Dr. Dorothy Ehrhart-Morrison (incumbent): Ehrhart-Morrison said she wants to "provide responsible leadership and commitment to student retention and academic success." A former member of the boards of the City's Convention and Visitors Bureau and Parks and Recreation, as well as the Ocean Park Community Center, Ehrhart-Morrison said she has "brought value to the board of trustees" and "communicates very well with different members of the community."
Ehrhart-Morrison thinks communication between board members and the college president is crucial and views the relationship as a "mutual collaboration." She believes the board "chose a very good leader seven years ago" in SMC President Dr. Piedad Robertson. The college, she said, is "working very hard for an environmentally safe campus." The Master Plan approved by the board, Ehrhart Morrison said, "made more room for open space" that will "increase air quality."
Herbert Roney (incumbent): An SMC graduate and a member of the college board since 1994, Roney said he served in the military and has spent the last 32 years devoting his life to education, including work as a counselor and vice president of student service. This year he was honored as Los Angeles Volunteer of the Year.
Roney said he hopes "to keep continued goals" and to "pledge to have open communication to all within the college community." Roney encourages "constituents" to communicate with the board so it can better "hear and understand their view." It is imperative, he said, to "reduce students on the main campus." To help with the ongoing traffic problems around the main campus, Roney said the board is "increasing parking on the campus" as well as "working with the City" to develop "new buildings with underground parking and a better bus system."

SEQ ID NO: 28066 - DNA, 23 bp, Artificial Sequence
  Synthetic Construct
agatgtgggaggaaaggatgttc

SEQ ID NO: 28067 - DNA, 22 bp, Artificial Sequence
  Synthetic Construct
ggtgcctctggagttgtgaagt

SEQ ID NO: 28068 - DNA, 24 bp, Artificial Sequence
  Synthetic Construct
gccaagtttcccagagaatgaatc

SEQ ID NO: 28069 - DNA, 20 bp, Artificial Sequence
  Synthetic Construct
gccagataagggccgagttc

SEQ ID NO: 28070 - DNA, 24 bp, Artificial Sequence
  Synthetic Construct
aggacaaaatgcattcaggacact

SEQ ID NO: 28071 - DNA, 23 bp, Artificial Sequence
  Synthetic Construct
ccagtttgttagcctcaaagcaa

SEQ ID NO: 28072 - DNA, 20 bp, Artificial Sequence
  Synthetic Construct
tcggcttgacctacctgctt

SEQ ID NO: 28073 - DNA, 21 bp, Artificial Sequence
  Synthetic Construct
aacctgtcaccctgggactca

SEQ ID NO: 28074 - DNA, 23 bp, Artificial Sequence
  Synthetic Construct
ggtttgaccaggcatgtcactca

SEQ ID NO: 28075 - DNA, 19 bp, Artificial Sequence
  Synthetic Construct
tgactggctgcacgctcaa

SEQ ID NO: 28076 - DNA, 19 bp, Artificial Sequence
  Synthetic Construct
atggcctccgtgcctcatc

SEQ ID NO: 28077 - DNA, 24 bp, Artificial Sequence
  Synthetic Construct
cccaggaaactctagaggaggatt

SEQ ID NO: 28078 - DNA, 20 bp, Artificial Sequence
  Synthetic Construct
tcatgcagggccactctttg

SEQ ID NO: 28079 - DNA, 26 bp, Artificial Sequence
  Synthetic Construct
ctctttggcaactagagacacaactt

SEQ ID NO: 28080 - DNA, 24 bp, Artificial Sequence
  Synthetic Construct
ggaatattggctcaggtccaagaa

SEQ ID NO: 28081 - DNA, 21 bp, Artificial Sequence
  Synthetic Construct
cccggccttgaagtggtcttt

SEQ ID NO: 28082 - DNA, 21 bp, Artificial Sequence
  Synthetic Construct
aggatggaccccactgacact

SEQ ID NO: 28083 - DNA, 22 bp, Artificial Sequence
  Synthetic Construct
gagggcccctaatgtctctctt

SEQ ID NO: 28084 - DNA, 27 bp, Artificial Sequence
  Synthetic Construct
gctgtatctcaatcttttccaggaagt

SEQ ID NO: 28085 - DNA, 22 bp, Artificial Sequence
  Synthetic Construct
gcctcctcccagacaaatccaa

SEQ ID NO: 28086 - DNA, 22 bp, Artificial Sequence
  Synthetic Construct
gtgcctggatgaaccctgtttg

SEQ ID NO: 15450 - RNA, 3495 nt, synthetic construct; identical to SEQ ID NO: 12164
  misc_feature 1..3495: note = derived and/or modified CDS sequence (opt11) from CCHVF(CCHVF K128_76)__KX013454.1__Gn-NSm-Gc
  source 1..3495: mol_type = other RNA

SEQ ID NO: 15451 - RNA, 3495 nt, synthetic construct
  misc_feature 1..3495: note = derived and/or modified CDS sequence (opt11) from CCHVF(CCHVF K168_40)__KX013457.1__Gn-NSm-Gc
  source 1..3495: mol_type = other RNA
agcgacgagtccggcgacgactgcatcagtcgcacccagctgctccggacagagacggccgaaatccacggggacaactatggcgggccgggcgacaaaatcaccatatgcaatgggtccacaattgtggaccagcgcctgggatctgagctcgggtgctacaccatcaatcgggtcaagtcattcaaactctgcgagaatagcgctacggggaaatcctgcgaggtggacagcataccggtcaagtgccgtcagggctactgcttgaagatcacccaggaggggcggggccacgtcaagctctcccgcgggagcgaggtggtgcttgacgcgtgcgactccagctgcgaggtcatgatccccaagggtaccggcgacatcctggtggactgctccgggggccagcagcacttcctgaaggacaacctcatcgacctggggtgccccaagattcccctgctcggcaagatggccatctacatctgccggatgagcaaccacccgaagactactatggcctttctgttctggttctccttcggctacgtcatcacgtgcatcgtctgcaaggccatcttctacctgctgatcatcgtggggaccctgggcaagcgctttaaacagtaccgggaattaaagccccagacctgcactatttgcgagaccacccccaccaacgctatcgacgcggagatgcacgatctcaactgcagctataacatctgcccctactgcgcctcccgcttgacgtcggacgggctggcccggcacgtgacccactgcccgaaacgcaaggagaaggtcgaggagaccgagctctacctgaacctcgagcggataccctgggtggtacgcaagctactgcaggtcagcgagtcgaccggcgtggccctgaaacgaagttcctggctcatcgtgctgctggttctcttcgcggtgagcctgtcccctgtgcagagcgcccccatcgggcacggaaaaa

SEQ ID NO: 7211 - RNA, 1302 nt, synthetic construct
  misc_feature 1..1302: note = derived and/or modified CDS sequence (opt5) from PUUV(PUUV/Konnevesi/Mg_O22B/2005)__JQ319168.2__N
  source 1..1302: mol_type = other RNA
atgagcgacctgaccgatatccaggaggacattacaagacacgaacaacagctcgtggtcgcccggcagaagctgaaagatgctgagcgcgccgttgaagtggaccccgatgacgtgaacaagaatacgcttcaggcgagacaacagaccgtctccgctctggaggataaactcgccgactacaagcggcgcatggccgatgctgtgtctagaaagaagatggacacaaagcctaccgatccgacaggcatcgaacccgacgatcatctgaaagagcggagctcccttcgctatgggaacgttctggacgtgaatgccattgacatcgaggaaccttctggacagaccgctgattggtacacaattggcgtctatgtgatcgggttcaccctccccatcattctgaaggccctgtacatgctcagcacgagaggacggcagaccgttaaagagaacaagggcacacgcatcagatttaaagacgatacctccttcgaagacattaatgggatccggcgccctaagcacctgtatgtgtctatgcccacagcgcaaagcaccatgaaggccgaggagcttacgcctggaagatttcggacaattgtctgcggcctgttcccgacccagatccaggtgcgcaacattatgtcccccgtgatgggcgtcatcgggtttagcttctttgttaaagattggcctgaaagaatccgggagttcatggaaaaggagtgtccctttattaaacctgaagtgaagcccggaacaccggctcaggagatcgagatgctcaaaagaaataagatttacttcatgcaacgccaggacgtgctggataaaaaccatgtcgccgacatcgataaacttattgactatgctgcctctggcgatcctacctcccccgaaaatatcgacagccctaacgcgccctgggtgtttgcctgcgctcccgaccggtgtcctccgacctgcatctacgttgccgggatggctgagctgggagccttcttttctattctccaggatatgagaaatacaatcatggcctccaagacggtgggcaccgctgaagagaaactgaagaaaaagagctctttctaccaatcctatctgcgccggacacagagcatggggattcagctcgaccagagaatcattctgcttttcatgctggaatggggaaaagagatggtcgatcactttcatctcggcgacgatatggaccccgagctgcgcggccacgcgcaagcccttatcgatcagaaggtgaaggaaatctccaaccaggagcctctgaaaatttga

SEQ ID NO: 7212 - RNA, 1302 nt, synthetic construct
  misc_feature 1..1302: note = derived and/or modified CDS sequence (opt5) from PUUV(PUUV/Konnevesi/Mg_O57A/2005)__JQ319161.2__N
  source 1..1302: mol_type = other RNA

It is the board's "duty to express to the president (concerns) if regulations are not being followed," he said. Roney sees the staff as "very outstanding in what they do." His goal is to "meet with faculty and staff to help morale" and to "let them know we are open to their concerns." Roney said he wants to continue to serve on the board so that he can be a part of creating a "new college campus." He wants to see "full tenured" faculty, is an advocate for "senior citizens' right to education" and stands for the "rights of students."